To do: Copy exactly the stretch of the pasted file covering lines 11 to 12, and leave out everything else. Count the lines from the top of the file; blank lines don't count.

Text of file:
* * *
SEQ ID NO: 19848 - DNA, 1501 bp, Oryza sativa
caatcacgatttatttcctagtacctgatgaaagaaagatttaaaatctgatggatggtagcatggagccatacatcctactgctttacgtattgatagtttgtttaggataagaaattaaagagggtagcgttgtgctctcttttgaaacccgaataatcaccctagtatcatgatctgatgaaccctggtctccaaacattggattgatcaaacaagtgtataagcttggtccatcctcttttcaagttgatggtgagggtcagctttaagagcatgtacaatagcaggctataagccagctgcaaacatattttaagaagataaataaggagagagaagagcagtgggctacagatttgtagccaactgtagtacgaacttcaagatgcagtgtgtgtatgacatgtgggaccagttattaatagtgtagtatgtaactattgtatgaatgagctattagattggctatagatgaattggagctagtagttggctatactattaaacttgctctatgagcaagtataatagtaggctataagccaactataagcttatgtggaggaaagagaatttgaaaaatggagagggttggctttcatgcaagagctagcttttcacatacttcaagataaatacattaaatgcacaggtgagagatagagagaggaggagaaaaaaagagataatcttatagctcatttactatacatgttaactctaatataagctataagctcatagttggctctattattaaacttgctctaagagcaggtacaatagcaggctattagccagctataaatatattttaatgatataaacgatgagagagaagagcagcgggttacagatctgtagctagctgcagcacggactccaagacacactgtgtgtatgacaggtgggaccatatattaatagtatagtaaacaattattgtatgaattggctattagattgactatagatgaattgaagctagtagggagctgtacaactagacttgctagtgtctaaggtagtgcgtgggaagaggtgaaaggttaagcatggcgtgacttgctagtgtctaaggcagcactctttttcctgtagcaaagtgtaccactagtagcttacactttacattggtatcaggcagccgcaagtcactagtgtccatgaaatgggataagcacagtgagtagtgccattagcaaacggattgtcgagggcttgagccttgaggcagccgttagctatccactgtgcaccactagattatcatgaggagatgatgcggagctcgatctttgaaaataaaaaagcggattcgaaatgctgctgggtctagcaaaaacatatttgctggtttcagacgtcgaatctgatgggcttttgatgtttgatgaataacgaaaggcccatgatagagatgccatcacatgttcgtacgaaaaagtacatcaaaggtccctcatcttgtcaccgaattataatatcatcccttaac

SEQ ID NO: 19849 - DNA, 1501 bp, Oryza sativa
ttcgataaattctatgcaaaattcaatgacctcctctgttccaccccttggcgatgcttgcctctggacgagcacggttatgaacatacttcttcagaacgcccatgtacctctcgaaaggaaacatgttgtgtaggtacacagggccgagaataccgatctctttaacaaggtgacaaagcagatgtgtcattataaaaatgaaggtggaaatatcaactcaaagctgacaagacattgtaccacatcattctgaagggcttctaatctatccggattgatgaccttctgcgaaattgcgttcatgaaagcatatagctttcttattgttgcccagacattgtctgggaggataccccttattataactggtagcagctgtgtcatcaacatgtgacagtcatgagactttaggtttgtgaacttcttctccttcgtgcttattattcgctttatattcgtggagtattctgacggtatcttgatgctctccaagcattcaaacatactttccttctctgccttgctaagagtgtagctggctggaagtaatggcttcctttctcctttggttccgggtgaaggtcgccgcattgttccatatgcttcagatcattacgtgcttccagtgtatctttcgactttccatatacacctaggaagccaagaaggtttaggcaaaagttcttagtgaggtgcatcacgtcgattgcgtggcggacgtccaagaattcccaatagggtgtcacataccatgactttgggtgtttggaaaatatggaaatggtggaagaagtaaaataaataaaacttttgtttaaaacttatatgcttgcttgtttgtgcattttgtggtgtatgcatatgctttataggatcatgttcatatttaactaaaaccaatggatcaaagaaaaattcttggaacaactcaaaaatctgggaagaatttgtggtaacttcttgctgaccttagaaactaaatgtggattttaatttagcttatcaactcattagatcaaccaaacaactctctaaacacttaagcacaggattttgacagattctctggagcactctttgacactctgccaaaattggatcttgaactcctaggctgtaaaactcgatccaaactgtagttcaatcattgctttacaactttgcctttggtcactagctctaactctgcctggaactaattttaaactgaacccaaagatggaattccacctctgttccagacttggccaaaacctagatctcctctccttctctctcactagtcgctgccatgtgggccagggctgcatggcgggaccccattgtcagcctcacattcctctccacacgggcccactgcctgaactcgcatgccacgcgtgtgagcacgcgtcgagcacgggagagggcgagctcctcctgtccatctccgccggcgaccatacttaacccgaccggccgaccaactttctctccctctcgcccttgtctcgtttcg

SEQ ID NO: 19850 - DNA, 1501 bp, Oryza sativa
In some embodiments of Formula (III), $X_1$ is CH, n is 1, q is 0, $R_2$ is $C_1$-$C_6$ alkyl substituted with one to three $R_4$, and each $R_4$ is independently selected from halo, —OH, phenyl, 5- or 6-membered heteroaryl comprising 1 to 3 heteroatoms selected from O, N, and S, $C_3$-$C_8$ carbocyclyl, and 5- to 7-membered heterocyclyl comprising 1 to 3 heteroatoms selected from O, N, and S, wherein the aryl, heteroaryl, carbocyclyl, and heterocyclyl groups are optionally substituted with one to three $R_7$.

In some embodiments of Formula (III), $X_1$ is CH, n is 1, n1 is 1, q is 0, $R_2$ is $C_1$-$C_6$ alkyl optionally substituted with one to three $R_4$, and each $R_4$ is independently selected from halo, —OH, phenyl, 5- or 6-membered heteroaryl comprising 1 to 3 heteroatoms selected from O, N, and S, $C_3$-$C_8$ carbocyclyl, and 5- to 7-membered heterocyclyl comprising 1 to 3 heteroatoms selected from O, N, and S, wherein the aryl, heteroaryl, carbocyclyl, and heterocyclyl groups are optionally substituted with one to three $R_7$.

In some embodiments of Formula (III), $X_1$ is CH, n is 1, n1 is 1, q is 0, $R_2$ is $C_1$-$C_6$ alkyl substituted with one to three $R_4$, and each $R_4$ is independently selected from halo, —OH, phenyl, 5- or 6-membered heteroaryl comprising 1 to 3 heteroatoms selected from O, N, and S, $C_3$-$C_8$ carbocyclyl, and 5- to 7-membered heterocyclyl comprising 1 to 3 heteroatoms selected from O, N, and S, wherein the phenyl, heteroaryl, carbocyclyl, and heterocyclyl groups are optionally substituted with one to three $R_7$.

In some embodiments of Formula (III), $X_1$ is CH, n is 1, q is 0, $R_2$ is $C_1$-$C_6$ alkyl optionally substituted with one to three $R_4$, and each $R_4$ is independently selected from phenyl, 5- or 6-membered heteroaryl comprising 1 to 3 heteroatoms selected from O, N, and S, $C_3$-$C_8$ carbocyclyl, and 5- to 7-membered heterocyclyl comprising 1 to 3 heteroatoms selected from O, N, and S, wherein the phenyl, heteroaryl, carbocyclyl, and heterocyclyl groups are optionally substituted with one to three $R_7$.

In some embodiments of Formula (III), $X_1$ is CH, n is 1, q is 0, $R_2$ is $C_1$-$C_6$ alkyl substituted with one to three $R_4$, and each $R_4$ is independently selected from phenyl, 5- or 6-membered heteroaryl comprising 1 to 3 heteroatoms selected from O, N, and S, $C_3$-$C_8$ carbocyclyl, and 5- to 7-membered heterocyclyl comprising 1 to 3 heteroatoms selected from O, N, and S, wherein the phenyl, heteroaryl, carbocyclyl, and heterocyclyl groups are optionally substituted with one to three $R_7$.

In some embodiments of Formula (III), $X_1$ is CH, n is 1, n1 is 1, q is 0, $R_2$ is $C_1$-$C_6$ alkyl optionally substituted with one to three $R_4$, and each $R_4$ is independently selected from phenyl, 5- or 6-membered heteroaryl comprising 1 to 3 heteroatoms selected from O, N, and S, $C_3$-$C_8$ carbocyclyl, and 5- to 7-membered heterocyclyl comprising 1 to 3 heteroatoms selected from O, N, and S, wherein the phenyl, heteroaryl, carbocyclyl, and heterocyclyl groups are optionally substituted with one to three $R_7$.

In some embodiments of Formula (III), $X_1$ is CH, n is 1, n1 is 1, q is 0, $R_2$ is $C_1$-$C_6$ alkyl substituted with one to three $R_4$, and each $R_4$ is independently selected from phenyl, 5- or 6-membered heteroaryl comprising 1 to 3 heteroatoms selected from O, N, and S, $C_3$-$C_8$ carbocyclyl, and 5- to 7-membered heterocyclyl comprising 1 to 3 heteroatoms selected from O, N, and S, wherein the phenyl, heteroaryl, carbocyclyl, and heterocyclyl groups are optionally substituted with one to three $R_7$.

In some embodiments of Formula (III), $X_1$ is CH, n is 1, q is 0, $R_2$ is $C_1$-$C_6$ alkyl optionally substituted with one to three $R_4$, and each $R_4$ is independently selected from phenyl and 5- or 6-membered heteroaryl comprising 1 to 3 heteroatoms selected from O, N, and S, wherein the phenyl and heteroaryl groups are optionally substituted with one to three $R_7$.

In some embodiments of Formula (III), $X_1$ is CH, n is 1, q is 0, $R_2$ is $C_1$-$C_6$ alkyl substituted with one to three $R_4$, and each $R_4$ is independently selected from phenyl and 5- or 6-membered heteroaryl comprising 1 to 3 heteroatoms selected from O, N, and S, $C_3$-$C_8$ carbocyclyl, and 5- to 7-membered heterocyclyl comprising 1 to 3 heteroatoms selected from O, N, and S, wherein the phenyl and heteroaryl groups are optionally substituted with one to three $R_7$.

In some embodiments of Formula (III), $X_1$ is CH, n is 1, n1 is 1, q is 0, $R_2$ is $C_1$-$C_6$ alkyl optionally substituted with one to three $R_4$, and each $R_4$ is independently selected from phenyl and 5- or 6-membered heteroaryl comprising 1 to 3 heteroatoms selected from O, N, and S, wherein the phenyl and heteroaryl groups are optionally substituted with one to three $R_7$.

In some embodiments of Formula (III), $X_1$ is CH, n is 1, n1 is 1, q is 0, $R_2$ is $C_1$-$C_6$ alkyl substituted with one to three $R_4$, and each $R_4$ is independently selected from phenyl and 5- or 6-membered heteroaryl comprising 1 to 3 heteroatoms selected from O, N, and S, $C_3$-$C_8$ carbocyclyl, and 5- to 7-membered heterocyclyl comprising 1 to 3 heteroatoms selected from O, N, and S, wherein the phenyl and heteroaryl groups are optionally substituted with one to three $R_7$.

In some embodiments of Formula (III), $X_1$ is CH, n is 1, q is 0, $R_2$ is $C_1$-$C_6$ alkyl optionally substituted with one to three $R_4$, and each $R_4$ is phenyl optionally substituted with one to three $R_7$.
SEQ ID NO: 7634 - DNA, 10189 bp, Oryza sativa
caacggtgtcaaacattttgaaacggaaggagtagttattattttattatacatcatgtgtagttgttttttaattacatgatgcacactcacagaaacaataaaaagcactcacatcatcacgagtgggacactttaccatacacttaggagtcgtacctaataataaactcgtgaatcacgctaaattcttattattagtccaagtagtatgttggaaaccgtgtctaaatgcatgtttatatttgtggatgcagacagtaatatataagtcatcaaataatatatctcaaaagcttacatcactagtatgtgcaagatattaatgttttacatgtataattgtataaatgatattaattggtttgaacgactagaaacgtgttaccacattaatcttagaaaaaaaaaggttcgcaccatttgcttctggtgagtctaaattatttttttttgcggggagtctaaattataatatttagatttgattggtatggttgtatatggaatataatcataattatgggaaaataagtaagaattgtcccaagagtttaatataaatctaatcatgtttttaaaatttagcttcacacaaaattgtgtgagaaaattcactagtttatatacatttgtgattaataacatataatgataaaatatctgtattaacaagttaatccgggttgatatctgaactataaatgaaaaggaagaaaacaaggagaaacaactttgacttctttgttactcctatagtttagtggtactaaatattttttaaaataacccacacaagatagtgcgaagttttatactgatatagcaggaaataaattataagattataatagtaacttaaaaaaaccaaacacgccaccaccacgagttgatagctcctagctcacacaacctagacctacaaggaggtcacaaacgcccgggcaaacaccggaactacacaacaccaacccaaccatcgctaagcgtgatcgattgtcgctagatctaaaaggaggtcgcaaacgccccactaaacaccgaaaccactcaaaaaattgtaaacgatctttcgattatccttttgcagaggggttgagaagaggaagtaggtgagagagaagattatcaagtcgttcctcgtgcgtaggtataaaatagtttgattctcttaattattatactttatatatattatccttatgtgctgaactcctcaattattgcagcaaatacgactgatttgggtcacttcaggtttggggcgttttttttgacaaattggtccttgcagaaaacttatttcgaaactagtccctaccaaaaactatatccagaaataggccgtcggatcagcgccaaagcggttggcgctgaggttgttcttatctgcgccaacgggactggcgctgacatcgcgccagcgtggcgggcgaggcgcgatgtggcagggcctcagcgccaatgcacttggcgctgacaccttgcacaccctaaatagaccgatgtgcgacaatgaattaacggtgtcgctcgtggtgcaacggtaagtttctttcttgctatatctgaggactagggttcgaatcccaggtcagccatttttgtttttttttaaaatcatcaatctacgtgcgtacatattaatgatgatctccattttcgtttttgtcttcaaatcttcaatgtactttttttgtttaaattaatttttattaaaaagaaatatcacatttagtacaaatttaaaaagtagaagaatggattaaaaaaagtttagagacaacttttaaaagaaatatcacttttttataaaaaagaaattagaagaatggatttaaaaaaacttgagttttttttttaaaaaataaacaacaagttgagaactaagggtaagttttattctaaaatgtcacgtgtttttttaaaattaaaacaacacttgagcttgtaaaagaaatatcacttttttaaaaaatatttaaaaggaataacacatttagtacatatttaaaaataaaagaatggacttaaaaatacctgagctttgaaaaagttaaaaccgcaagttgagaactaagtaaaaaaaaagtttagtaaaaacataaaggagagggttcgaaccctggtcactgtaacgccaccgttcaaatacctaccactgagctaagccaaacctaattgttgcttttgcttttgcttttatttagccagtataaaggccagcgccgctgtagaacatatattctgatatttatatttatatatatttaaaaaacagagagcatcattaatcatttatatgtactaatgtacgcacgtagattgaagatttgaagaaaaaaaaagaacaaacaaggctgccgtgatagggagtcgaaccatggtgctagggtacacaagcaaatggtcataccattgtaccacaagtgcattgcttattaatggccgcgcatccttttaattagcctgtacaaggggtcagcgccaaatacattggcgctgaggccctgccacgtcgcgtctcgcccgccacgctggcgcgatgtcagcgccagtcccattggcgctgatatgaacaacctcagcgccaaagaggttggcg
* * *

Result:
In some embodiments of Formula (III), $X_1$ is CH, n is 1, n1 is 1, q is 0, $R_2$ is $C_1$-$C_6$ alkyl optionally substituted with one to three $R_4$, and each $R_4$ is independently selected from phenyl, 5- or 6-membered heteroaryl comprising 1 to 3 heteroatoms selected from O, N, and S, $C_3$-$C_8$ carbocyclyl, and 5- to 7-membered heterocyclyl comprising 1 to 3 heteroatoms selected from O, N, and S, wherein the phenyl, heteroaryl, carbocyclyl, and heterocyclyl groups are optionally substituted with one to three $R_7$.

In some embodiments of Formula (III), $X_1$ is CH, n is 1, n1 is 1, q is 0, $R_2$ is $C_1$-$C_6$ alkyl substituted with one to three $R_4$, and each $R_4$ is independently selected from phenyl, 5- or 6-membered heteroaryl comprising 1 to 3 heteroatoms selected from O, N, and S, $C_3$-$C_8$ carbocyclyl, and 5- to 7-membered heterocyclyl comprising 1 to 3 heteroatoms selected from O, N, and S, wherein the phenyl, heteroaryl, carbocyclyl, and heterocyclyl groups are optionally substituted with one to three $R_7$.